‘Housing First’ Pilot Shows How It Can Help Improve Health of NJ’s Homeless
Not having to worry about where to sleep makes it easier to stick to medication schedule, keep appointments, stay out of emergency room
Peter Bowser hasn’t been hospitalized in the past month. While that may not sound like a major accomplishment, it is for the 51-year-old Maple Shade resident – and it may be an early indication of the impact of a major change in how New Jersey treats some of its sickest and most disadvantaged residents.
Bowser was homeless until recently, making frequent trips to local hospital emergency departments as he struggled with his uncontrolled asthma and other chronic conditions, including high blood pressure, acid reflux, and pre-diabetes.
But in November he became one of the first three Camden County residents to receive a voucher for a permanent apartment through theprogram.
Housing First allows homeless people to move into a home before they receive healthcare and social services, rather than the traditional approach of delaying permanent housing while the homeless received healthcare services in a piecemeal fashion.
Thathas had success in other states, as well as in Mercer and Bergen counties in New Jersey, but the pilot program in Camden County could be especially significant. That’s because state officials have committed to expanding the program once the initial 50 vouchers are used, and to consider expanding it statewide if it’s a success in Camden.
Jennifer Ho, senior advisor for the U.S. Department of Housing and Urban Development, praised the Camden County program.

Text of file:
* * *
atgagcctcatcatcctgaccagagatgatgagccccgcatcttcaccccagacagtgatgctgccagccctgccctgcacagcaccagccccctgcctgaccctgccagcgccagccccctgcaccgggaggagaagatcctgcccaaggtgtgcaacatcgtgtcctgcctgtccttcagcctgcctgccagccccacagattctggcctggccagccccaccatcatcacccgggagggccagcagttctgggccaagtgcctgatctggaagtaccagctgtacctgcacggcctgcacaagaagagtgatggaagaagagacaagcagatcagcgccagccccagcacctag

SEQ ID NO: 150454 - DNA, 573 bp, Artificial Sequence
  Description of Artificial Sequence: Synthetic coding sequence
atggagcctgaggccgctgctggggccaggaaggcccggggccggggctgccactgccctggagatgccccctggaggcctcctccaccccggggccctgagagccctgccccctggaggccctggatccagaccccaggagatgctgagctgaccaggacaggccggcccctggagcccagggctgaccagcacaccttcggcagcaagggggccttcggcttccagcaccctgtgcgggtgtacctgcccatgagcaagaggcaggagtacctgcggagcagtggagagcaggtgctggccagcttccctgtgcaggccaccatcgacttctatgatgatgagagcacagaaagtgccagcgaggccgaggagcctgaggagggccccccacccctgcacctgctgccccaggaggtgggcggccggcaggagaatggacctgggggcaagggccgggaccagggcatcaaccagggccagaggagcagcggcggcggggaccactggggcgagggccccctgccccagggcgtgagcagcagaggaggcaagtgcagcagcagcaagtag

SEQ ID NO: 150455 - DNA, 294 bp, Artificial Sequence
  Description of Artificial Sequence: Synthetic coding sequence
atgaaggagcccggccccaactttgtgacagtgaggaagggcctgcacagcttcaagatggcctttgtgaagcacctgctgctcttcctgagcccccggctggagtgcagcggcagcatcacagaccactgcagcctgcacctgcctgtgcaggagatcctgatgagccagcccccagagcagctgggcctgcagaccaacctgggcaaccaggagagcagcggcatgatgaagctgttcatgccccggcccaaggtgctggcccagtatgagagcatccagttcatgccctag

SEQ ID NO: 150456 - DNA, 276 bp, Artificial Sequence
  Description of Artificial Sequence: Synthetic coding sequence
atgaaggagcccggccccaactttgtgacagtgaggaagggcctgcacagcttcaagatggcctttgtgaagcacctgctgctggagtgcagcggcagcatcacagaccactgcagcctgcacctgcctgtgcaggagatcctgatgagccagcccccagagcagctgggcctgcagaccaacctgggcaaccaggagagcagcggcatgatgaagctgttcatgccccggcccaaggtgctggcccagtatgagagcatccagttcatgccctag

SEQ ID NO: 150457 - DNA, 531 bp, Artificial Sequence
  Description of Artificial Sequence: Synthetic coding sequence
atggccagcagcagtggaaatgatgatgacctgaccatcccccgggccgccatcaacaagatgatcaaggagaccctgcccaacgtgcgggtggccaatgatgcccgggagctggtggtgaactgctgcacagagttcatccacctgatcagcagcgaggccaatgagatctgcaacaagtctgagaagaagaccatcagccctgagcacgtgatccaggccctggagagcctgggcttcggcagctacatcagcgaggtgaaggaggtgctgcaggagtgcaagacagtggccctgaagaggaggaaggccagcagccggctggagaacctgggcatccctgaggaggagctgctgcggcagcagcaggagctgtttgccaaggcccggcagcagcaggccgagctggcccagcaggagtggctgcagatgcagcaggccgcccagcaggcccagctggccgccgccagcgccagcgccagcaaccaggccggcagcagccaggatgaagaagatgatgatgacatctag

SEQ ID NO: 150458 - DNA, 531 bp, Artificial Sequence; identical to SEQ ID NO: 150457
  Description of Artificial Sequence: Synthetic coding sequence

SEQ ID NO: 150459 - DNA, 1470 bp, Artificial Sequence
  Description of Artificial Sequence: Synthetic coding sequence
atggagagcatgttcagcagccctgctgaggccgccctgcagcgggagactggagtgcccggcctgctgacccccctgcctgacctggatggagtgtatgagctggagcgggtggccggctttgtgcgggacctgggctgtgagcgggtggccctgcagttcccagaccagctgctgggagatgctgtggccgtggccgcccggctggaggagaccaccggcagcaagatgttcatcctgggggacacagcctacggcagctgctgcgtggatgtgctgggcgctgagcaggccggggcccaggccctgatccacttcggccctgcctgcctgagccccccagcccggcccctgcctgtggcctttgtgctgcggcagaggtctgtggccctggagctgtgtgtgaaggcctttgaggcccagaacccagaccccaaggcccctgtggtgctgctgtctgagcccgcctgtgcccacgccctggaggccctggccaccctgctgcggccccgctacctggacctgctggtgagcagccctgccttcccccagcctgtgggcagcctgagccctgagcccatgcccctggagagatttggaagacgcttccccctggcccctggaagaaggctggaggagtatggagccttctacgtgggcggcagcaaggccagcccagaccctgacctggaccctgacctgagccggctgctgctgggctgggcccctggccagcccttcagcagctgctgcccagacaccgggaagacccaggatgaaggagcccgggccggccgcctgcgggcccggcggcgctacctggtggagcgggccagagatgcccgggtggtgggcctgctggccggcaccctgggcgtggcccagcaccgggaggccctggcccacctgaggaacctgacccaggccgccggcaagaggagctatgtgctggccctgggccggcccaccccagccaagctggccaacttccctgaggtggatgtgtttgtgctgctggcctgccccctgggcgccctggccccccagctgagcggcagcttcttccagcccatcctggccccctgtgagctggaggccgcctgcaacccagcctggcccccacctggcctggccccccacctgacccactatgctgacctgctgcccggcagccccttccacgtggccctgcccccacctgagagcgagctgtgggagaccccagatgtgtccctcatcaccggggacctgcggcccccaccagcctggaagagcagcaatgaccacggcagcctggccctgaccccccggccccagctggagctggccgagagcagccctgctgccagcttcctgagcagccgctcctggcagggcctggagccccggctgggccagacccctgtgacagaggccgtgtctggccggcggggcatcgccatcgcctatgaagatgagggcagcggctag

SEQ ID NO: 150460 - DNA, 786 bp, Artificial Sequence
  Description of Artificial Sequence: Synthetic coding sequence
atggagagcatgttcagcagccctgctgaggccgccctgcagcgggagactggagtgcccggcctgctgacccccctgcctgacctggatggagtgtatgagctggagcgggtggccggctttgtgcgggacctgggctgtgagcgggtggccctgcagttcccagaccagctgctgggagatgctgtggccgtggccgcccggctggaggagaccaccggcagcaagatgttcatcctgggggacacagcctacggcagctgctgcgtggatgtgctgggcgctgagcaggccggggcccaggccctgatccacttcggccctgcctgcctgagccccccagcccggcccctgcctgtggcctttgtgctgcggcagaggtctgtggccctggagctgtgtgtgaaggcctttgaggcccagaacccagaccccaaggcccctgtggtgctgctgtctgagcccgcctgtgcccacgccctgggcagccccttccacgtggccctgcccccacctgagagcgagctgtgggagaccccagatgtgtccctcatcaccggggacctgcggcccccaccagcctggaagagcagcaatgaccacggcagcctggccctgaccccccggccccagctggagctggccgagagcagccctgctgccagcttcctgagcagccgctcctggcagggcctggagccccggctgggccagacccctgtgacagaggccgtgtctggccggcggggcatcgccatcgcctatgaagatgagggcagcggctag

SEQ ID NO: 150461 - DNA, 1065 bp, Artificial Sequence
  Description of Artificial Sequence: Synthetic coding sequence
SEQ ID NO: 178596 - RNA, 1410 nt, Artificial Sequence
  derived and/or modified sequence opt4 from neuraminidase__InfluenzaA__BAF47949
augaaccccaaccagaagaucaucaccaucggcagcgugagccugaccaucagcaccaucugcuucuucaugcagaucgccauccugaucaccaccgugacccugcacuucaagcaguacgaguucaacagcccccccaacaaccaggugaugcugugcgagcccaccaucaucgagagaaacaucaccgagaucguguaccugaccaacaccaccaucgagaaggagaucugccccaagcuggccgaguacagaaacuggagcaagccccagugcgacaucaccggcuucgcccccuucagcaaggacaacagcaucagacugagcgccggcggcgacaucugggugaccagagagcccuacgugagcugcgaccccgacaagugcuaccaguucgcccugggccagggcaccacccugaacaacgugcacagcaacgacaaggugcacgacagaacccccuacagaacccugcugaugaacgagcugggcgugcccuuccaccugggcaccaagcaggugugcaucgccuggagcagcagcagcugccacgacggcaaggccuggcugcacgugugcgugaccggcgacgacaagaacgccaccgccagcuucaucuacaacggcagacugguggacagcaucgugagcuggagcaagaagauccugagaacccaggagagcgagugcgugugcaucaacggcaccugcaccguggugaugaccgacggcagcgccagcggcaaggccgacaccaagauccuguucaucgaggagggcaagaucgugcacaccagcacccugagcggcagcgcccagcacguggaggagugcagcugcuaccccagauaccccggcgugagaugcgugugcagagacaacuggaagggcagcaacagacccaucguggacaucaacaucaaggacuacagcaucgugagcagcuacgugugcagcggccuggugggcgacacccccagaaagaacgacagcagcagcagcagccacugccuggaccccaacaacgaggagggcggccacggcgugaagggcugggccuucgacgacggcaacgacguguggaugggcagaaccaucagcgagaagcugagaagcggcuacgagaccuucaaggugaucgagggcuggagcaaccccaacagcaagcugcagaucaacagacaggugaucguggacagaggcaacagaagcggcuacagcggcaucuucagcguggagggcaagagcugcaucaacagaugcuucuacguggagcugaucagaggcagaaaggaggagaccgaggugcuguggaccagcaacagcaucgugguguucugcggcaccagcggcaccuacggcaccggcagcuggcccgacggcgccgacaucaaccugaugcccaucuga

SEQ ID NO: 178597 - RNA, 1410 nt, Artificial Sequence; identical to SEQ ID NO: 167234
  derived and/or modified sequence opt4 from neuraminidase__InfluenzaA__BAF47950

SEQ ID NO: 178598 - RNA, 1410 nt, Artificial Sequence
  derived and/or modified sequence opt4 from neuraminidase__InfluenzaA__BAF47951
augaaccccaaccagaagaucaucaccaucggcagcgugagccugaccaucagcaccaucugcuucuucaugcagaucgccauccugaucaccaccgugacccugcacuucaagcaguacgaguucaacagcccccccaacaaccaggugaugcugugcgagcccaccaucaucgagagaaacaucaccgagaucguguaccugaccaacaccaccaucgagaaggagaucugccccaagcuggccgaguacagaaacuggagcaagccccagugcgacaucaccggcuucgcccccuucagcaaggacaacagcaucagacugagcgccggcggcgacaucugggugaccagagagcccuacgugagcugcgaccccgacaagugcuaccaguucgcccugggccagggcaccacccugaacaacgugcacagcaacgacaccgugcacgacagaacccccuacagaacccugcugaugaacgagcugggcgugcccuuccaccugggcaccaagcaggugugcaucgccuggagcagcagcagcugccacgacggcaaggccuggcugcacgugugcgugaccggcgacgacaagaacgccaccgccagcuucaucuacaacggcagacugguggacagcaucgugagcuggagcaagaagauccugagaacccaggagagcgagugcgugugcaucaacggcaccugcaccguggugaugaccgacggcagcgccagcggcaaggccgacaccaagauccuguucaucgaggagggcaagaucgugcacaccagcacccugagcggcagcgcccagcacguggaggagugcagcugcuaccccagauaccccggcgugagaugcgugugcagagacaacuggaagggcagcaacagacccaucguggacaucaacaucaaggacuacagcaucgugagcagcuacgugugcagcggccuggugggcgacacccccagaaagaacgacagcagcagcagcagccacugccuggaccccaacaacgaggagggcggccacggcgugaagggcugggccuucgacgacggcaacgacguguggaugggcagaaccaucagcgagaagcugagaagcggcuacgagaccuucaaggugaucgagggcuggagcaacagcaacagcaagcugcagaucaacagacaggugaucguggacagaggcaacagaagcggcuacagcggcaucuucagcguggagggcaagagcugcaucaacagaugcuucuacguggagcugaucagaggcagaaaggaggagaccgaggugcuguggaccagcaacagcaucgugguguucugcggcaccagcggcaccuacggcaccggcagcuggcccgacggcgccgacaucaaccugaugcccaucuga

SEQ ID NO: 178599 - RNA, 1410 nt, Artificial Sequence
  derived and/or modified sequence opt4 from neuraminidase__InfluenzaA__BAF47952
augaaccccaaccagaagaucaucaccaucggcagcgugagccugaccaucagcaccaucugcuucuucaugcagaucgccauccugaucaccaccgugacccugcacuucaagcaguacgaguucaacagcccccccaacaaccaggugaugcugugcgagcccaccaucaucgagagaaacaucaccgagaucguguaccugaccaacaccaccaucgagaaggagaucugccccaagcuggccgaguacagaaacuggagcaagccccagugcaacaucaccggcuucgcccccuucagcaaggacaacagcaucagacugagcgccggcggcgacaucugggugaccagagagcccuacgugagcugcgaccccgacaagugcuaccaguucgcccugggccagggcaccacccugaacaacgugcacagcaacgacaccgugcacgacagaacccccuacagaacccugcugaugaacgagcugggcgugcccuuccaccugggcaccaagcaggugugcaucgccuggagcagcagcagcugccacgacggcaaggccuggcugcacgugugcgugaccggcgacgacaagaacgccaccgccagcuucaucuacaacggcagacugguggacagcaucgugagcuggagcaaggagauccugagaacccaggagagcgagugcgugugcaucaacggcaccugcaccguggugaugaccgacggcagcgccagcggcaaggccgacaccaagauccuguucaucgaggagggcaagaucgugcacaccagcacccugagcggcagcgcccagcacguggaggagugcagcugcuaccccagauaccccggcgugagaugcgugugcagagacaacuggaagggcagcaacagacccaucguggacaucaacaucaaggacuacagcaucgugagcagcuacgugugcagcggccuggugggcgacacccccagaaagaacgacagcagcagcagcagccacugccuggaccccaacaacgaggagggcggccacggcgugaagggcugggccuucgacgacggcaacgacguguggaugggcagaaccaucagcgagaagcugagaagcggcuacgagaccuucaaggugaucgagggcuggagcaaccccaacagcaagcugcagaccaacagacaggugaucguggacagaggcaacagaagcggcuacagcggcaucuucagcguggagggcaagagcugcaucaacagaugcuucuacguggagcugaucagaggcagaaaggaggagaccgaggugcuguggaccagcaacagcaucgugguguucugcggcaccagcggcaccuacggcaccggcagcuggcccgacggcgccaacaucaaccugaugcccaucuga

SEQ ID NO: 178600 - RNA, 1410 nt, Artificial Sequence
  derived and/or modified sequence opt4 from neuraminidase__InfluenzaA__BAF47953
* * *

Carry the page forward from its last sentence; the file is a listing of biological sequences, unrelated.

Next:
While housing advocates drove support for Housing First in other states, healthcare providers generated ignited interest in New Jersey, spearheaded by the Camden Coalition of Healthcare Providers led by Dr. Jeffrey Brenner.
Homeless people are among the most frequent visitors to hospital emergency rooms in Camden and elsewhere. Peter Bowser’s case illustrates one of the reasons why. Since shelters require occupants to leave during daytime hours, and open their doors on a first-come, first-served basis, Bowser’s days were spent trying to figure out where to be next, and how to deal with hot summer days and cold winter days. This disjointed schedule left him poorly equipped to stay on top of his asthma.
Camden County Freeholder Freeholder Carmen G. Rodriguez described the dilemma for a homeless person with diabetes this way: “When are you going to find the time to check your glucose levels to take care of yourself and your health? That’s not the priority at that point.”
Since moving to his new apartment, Bowser has been using his asthma medication regularly and has been able to make needed medical appointments, reducing the risk of hospital stays.
In the past, hospitals may have seen regularly treating homeless people as part of their job. But Ho said hospitals have had to rethink that approach because of a provision of the Affordable Care Act, which penalizes hospitals if they have excessive numbers of patients being readmitted after they’ve been treated.
“You can’t solve for health if you don’t go into people’s lives and solve for housing,” as well dealing with transportation issues, access to healthy food, and other social factors that affect people’s health, Ho said.
Alfred Campanella, Virtua Health’s executive vice president of strategic business growth and analytics, said hospitals are eager to see Housing First grow. Virtua operates four hospitals in South Jersey.
“We find that the social determinants of health are just as impactful as medical determinants,” he said.